A sophisticated and thoughtful analysis of mid-twentieth-century cultural politics, recognizing both the fundamental changes that took place as Afro-Bahian cultural politics became incorporated into representations of Bahia and the limited material gains for Afro-Bahians during this period. Hendrik Kraay, editor of"Negotiating Identities in Modern Latin America"
Salvador, the capital of the state of Bahia, is often referred to as Brazil s Black Rome. Culturally complex, vibrant, and rich with history, its African-descended population is one of the largest in Latin America. Yet despite representing a majority of the population, African-Bahians remain a marginalized racial group within the state as a whole.
In"African-Brazilian Culture and Regional Identity in Bahia, Brazil," Scott Ickes examines how in the middle of the twentieth century, African-Bahian cultural practices such as capoeira, samba, and Candomble during carnival and other popular religious festivals came to be accepted as essential components of Bahian regional identity. Previously, public performances of traditionally African-Bahian practices were repressed in favor of more European traditions and a more modern vision.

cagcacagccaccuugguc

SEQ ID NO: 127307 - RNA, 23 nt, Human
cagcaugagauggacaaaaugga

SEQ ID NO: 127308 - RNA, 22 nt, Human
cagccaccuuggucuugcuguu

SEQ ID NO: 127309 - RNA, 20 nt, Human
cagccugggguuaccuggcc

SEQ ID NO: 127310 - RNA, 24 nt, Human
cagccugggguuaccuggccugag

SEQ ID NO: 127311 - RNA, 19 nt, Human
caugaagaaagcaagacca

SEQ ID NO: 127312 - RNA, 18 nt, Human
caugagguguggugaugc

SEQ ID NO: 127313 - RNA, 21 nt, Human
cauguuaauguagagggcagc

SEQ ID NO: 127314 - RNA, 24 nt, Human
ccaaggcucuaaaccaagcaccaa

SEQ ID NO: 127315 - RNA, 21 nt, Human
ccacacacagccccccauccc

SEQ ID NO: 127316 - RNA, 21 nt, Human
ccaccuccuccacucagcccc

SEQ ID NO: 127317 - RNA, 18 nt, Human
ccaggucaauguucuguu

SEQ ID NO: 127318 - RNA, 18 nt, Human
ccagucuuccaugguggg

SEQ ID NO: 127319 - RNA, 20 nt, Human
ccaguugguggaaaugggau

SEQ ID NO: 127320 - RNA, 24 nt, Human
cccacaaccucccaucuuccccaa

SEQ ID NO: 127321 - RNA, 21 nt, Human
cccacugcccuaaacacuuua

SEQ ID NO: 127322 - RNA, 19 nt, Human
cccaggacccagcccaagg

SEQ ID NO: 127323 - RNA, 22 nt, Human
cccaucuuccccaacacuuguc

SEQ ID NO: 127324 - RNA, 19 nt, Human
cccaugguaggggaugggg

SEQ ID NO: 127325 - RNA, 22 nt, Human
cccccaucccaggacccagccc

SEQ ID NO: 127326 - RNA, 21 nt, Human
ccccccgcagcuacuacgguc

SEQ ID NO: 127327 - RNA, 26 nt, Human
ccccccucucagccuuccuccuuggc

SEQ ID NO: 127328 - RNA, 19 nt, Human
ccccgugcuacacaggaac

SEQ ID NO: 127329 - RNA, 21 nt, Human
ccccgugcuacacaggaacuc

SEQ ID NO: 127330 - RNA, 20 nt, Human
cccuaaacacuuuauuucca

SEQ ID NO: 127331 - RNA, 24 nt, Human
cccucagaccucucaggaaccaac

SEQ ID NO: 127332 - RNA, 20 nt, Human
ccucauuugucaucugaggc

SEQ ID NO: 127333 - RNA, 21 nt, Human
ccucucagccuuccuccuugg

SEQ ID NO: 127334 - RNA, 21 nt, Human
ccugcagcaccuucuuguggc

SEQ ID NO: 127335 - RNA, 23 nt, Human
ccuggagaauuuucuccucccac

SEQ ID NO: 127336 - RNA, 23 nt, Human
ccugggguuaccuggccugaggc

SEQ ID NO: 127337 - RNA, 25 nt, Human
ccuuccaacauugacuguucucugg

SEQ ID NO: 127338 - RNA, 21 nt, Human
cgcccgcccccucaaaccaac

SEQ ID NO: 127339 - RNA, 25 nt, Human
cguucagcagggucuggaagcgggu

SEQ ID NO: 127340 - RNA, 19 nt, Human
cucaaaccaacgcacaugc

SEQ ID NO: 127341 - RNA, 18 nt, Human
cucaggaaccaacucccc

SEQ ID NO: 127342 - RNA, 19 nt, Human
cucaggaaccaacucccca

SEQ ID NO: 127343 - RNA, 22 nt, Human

Newfound acceptance of these customs was a democratic move forward, but it also perpetuated the political and economic marginalization of the black majority. Ickes argues that cultural-political alliances between African-Bahian cultural practitioners and their dominant-class allies nevertheless helped to create a meaningful framework through which African-Bahian inclusion could be negotiated a framework that is also important in the larger discussions of race and regional and national identity throughout Brazil.